an Archeology of Fear and Desire
An Archeology of Fear and Desire is an attempt to examine Israel as place and metaphor and to look anew at a territory where “the maps of the sacred overlap, compete and ultimately exclude each other.”
An Archeology of Fear and Desire is an x-ray of an ongoing experiment in survival, where people appear to be disconnected from their traumas yet are possessed by a history they prefer to ignore. It obliges them to be replayed by those very roles, trapped and incapable of freeing themselves, ready to kill and die rather than break this fatal cycle dominated by fear, denial and violence.
An Archeology of Fear and Desire is an essay about the cauldron of fear and shadow within each person, unrecognized, unredeemed, denied, dissimulated and silenced, where the other is instrumentalized and thereby sacrificed.
It is an essay about wounded feelings and how constructs – social and religious – perpetuate the tyranny of roles, from servility to domination.
It is an essay about longing, belonging, exclusion and redemption. It is an essay about the fiction of identity and the terror of not having an identity. Will people dare to reclaim the root of their sadness?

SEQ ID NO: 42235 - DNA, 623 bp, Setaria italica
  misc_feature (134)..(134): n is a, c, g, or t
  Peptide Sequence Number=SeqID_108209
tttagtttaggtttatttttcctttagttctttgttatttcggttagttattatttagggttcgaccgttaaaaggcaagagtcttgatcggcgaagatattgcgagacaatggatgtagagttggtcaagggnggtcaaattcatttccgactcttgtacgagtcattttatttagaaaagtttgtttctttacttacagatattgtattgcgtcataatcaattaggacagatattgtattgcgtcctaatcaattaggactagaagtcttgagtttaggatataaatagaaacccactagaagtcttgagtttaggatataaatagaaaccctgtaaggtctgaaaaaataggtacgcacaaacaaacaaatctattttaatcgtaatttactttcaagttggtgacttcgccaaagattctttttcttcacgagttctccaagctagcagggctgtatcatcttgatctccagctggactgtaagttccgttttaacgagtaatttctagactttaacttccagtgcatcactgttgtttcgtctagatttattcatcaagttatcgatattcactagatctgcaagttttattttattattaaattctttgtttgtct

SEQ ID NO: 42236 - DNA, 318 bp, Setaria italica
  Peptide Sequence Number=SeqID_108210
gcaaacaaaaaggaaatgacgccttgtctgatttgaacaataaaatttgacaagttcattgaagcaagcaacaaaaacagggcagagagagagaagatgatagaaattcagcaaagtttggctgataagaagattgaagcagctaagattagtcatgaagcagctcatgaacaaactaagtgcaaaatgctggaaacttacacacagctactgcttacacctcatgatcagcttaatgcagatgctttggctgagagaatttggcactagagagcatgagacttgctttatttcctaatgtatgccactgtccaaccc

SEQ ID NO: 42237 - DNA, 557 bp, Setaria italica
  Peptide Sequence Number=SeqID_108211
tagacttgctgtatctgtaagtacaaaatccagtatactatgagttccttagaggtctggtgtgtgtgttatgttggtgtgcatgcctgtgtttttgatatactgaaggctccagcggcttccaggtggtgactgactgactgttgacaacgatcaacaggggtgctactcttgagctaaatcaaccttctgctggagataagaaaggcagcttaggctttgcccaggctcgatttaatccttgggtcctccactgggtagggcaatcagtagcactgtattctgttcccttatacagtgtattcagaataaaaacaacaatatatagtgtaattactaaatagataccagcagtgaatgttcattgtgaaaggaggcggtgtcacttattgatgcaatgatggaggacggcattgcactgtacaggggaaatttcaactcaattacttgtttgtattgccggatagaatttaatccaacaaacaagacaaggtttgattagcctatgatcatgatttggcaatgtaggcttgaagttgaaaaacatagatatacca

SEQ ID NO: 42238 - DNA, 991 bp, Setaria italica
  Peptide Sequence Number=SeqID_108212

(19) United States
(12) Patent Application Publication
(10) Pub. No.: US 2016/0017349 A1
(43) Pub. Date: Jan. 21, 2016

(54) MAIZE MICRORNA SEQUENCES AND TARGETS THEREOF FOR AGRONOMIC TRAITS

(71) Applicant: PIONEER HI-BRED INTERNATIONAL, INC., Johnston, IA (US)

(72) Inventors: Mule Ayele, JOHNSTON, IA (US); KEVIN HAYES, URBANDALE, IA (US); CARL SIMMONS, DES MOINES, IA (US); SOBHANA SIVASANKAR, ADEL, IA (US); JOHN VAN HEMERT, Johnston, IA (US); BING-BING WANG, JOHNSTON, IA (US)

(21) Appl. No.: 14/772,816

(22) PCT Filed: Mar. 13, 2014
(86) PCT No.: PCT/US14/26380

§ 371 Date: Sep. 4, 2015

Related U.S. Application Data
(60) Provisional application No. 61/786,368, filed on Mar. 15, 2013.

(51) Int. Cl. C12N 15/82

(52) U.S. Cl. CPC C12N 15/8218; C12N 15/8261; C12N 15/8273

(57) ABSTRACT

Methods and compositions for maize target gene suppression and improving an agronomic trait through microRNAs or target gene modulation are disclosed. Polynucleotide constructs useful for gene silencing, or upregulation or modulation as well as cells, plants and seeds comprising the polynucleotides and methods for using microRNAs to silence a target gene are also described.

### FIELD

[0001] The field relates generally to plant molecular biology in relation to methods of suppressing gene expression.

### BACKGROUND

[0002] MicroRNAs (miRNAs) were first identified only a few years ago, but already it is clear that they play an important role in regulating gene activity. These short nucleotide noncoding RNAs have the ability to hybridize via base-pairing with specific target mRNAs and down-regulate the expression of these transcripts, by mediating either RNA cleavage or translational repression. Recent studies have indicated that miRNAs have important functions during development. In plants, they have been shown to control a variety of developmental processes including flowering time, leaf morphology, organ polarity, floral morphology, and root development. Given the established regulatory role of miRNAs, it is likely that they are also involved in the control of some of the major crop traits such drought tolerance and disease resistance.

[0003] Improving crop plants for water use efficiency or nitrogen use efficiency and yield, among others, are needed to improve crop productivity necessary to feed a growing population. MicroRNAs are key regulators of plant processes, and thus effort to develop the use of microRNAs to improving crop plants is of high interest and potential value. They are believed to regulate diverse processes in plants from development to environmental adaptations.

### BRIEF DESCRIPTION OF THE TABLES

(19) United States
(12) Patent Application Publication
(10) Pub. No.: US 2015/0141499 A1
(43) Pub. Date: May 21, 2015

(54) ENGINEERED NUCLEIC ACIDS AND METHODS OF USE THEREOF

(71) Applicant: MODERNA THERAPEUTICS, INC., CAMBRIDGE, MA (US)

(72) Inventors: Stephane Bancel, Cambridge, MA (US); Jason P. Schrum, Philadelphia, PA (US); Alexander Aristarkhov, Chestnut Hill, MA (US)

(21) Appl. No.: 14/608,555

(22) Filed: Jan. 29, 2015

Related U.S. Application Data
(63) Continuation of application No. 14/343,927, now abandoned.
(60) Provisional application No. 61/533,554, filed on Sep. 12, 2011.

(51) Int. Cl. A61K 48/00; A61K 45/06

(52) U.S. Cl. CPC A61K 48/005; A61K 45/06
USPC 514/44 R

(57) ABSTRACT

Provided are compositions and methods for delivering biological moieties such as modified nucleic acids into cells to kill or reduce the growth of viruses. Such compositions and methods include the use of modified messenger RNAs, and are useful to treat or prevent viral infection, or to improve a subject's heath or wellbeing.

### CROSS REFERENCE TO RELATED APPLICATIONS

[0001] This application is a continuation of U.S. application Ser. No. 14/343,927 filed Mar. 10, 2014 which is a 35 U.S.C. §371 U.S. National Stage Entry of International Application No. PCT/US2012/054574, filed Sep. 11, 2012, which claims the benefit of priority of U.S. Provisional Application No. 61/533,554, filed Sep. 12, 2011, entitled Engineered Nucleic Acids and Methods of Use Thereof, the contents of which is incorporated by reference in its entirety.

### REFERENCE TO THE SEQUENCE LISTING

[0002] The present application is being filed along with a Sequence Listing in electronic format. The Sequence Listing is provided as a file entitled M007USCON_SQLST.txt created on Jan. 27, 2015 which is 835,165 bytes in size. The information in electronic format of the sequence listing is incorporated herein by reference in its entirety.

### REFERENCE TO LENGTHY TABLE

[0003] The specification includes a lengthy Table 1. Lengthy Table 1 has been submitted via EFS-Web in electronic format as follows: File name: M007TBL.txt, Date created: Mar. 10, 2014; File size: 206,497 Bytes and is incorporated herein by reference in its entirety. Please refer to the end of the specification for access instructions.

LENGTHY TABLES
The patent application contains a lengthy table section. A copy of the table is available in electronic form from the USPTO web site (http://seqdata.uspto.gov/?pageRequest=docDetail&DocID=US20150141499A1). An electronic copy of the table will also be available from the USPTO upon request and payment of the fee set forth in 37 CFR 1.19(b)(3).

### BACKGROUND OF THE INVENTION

Ideologies and religions are a betrayal of the humane in the human. They give us the illusion of belonging while they make us strangers to what is most intimate within us. They force us to take on roles that seem to protect our wounds, but in fact make us hostages to a simulacrum that lives off those buried hurts and the violence they inflict.
Will we dare to acknowledge and face what is wounded in us – fear, shame, sadness – the scar we thought had healed and yet still bleeds, the scar that the conflict in this place tears open again and again?
Will we have the courage to question the narratives and the devouring myths that are the anchor of our civilization? Will we have the courage to be unfaithful to the cultures that have nourished us, to break our own idols? Will we dare to open our hearts…unconditionally?
Wrestling and embracing.